Fighting suspension

Linebacker Scott Fujita insists he’s still confident his three-game suspension stemming from the New Orleans Saints’ bounty scandal will be overturned. The NFL Players Association has sued the NFL on behalf of Fujita in an attempt force the league to rescind the suspension.

When asked if he feels like there’s a good chance he’ll be able to play in the first three games, Fujita said, “Yeah, I feel good.”

Shurmur has a much different view on Fujita’s suspension. Although Fujita has been practicing with the first-team defense, Shurmur said the Browns have already been working on their contingency plan.

“We know that’s gonna happen – we’re gonna lose Scott for the first three games,” Shurmur said. “We know that. So we’ve already decided on a plan, and although it may not be obvious, the way we’re rotating the linebackers in there, that’s getting done already.”

Changing role

Josh Cribbs said his role is changing, and he wants to make the most of it in the final year of his contract.

“I’ve got to show up,” Cribbs said. “My role is changing. They want more production out of special teams, so I’ll give it to them. Less role in the offense maybe, but I’ve just gotta do my part on special teams and nobody will know the difference.

“I have no problem going to the Pro Bowl for covering kicks or punts or returning. I’ll still be effective when I get in the offense. I’ll still move the ball, but we need to create an impact on special teams. We didn’t really have that last year, and I’m gonna make sure that we get that back.”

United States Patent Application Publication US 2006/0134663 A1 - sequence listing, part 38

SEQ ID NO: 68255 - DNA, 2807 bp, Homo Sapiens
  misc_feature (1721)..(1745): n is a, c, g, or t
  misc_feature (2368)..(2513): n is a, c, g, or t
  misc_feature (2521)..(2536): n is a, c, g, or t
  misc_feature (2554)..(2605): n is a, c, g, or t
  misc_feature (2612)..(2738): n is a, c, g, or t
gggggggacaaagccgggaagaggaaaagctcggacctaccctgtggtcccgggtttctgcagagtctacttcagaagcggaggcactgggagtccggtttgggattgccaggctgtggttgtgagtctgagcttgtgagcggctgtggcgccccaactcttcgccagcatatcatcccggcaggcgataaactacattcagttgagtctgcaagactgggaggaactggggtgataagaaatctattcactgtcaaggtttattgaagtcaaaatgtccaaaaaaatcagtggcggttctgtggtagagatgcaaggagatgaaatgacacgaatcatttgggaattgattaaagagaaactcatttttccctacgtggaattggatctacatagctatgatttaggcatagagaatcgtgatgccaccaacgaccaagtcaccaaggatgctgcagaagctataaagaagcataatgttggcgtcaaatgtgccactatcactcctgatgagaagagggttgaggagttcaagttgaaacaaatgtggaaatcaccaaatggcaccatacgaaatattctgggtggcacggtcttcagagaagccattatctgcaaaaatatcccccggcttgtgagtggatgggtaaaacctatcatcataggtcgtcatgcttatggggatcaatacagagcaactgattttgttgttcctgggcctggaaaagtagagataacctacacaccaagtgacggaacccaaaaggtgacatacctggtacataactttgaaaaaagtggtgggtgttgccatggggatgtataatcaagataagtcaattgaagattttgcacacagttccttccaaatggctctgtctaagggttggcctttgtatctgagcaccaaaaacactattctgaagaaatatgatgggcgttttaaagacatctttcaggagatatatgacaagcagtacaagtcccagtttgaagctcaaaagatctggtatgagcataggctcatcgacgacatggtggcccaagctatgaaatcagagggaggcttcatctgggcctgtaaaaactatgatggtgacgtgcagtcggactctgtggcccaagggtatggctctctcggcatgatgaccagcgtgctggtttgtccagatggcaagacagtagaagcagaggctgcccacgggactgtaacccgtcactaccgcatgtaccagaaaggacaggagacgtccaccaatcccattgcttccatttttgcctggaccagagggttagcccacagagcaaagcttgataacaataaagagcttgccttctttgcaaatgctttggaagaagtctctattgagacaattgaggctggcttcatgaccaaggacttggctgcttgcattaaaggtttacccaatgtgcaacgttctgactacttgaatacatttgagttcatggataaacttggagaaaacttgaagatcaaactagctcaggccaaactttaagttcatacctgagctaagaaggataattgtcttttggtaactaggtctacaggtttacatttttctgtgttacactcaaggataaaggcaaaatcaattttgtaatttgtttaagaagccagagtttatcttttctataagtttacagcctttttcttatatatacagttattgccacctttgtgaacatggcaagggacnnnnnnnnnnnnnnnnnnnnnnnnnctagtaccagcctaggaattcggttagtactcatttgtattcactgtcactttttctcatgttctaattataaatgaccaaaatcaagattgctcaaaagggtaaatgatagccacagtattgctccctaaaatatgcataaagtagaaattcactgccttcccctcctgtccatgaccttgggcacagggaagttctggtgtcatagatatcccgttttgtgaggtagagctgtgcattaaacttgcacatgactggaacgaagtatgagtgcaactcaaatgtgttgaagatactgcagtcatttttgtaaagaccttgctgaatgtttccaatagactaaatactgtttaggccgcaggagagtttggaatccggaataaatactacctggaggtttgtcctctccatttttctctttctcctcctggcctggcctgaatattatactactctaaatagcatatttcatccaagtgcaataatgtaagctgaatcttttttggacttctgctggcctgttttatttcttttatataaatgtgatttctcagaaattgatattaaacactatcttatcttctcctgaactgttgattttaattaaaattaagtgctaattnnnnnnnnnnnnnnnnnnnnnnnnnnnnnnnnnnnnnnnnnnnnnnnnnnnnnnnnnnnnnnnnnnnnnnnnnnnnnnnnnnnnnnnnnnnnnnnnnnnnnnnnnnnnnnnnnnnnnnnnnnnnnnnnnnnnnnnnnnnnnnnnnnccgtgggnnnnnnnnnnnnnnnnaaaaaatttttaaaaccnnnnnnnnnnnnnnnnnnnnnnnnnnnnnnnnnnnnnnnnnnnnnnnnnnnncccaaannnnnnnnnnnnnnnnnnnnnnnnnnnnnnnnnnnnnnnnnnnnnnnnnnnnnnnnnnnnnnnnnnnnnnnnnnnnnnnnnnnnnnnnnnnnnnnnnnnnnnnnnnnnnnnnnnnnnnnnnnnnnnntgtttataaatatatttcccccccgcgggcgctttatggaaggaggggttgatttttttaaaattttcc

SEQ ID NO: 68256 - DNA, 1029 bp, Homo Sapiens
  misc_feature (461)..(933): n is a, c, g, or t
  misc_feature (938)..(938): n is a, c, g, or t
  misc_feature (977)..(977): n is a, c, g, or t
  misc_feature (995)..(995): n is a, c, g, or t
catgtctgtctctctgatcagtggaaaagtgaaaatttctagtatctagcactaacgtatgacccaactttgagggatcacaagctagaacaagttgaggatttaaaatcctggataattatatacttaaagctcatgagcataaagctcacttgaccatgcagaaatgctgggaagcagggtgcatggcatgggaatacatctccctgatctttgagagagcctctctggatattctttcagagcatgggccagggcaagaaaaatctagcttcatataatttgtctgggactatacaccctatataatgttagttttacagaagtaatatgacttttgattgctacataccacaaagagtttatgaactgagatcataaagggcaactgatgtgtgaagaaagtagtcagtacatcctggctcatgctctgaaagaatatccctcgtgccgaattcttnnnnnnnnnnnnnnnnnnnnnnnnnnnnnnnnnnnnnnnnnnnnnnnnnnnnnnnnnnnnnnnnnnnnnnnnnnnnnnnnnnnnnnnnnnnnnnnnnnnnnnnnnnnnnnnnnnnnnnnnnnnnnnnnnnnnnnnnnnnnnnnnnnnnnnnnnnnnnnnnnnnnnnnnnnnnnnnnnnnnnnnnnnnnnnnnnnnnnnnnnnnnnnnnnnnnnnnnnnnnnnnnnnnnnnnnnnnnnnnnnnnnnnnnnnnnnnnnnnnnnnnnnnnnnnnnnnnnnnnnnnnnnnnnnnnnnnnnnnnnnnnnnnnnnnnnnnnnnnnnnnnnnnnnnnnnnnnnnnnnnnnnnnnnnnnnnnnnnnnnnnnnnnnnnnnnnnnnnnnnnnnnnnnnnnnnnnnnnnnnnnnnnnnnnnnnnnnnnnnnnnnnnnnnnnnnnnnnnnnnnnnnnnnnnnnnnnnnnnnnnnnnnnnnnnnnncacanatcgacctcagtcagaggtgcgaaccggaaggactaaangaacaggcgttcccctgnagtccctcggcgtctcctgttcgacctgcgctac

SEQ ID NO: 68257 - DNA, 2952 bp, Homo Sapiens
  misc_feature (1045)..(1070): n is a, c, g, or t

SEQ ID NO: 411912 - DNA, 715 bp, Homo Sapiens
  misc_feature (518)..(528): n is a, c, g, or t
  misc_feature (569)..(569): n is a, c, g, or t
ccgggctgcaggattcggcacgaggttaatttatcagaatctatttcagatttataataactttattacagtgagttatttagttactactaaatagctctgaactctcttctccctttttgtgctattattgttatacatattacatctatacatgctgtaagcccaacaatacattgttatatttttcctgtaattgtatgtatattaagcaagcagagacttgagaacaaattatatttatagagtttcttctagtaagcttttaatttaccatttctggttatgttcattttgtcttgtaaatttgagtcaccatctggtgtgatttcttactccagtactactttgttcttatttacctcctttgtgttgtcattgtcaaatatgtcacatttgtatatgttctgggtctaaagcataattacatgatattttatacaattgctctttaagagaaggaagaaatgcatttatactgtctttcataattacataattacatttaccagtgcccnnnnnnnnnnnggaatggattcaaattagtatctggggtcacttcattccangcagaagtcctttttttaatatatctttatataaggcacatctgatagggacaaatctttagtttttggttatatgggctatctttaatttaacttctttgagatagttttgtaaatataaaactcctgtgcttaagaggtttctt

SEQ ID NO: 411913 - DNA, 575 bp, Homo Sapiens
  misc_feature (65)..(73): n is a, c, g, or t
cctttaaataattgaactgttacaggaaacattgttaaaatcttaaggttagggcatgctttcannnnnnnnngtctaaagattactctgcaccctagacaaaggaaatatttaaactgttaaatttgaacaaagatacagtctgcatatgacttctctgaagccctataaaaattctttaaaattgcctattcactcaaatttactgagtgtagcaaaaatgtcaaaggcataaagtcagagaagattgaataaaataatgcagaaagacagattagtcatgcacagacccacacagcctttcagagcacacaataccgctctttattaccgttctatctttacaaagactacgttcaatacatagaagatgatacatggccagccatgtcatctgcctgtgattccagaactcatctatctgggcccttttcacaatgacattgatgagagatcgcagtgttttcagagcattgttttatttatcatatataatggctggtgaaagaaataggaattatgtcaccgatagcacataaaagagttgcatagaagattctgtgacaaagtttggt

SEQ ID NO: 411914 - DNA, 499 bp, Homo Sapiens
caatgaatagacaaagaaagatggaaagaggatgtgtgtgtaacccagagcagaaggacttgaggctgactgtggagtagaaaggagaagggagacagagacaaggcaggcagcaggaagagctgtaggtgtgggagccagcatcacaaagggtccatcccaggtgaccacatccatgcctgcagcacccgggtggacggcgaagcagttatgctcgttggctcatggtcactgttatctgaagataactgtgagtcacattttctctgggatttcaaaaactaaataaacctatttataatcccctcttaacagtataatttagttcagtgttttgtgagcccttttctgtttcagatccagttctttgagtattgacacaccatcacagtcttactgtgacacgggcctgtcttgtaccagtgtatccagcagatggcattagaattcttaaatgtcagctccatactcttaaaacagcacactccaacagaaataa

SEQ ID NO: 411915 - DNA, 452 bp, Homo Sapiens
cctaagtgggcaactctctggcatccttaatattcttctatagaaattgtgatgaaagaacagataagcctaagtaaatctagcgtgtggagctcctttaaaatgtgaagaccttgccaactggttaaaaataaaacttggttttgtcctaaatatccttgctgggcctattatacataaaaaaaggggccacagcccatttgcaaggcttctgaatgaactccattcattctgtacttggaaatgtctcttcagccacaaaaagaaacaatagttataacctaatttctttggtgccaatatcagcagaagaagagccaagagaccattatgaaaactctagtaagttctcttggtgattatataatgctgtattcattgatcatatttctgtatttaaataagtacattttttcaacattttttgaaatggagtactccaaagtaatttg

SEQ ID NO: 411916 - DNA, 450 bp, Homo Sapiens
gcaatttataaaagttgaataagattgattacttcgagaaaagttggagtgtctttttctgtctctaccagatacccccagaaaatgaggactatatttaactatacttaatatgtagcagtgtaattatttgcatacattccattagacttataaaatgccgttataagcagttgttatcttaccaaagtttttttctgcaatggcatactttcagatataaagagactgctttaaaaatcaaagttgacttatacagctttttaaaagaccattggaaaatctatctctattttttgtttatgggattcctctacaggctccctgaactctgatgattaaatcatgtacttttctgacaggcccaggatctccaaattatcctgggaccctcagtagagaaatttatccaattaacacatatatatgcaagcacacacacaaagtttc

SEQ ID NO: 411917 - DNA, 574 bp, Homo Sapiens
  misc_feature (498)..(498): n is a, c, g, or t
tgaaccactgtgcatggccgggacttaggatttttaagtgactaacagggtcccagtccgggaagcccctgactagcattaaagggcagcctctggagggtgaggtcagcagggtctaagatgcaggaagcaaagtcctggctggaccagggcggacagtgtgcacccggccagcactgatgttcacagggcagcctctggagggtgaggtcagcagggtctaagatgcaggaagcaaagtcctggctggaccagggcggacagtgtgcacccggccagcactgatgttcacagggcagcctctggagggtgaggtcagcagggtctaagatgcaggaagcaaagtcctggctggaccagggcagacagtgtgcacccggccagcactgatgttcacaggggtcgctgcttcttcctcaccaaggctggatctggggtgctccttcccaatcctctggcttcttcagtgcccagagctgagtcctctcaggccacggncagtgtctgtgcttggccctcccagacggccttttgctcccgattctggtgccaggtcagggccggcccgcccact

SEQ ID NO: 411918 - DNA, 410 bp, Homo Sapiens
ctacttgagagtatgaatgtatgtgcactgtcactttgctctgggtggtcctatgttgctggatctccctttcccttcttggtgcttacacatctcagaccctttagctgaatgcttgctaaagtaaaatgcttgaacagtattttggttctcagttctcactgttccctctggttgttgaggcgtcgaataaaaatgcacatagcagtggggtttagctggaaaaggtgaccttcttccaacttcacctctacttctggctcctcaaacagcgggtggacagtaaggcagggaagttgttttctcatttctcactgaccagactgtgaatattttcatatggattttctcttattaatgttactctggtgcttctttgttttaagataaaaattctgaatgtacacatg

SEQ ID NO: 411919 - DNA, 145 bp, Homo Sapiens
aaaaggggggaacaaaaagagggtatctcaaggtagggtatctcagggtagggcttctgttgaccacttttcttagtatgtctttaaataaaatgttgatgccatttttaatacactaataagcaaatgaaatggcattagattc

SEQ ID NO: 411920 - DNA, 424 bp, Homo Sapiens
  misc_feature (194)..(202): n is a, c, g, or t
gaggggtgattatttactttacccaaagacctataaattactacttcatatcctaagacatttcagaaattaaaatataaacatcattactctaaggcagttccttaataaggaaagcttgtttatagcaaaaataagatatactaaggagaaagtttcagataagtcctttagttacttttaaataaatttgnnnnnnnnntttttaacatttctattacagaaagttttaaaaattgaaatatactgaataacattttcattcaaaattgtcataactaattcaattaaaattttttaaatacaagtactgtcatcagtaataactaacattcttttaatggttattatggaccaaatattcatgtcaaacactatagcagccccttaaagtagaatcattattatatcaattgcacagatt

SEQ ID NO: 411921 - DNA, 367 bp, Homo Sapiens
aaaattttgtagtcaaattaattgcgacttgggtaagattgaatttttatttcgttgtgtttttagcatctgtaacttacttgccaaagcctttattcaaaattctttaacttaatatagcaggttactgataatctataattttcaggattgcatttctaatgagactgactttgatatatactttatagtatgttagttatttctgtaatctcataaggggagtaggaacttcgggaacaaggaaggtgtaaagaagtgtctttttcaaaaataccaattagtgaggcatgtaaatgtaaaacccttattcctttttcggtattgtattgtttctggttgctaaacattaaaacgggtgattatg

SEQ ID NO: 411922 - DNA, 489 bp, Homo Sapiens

Tough time

Quarterback Brandon Weeden, who continued to take the snaps with the first-team offense, had a rough day. The defense dominated seven-on-seven and 11-on-11 drills throughout practice.

In 11-on-11, Weeden rolled to his left and attempted a deep pass to tight end Benjamin Watson, even though strong safety T.J. Ward had gained position. Ward could have intercepted the pass, but it went off his hands.

Second-year cornerback James Dockery was among the defenders who stood out. He broke up at least three passes.


Cornerback Joe Haden appeared to be bothered by a foot or ankle injury during practice, but he continued to work through it. He said he was the victim of friendly fire from wide receiver Mohamed Massaquoi during a drill that pitted defensive backs against receivers.

“Mohamed stepped on my big toe,” Haden said with a laugh. “I’m gonna be cool though. Mohamed stepped on my toe during one-on-ones at the beginning. It was just bothering me a little bit, but it’s cool. It was just throbbing.”

Fans brave storms

The Browns delayed the opening of the gates to fans for about 45 minutes because of inclement weather, though the rain held off for the most part, and the entire practice was held outside. According to the Browns, 2,937 fans attended the first practice open to the public.

“I’ve always been impressed by our fans,” Shurmur said. “They braved the weather. We had to back off the opening of the gates – so hopefully nobody was fighting out there – because of the weather. I was out here early this morning and was concerned we’d have to go inside. I hate to go inside. I really do. The best place to practice was out here, and I knew this was one of those days that if we did go inside, it would have impacted a bunch of people trying to watch their team. I really appreciate the passion that this town has for our club. That’s why I’m feeling this thing that when we get it turned, it’s gonna be a lot of fun.”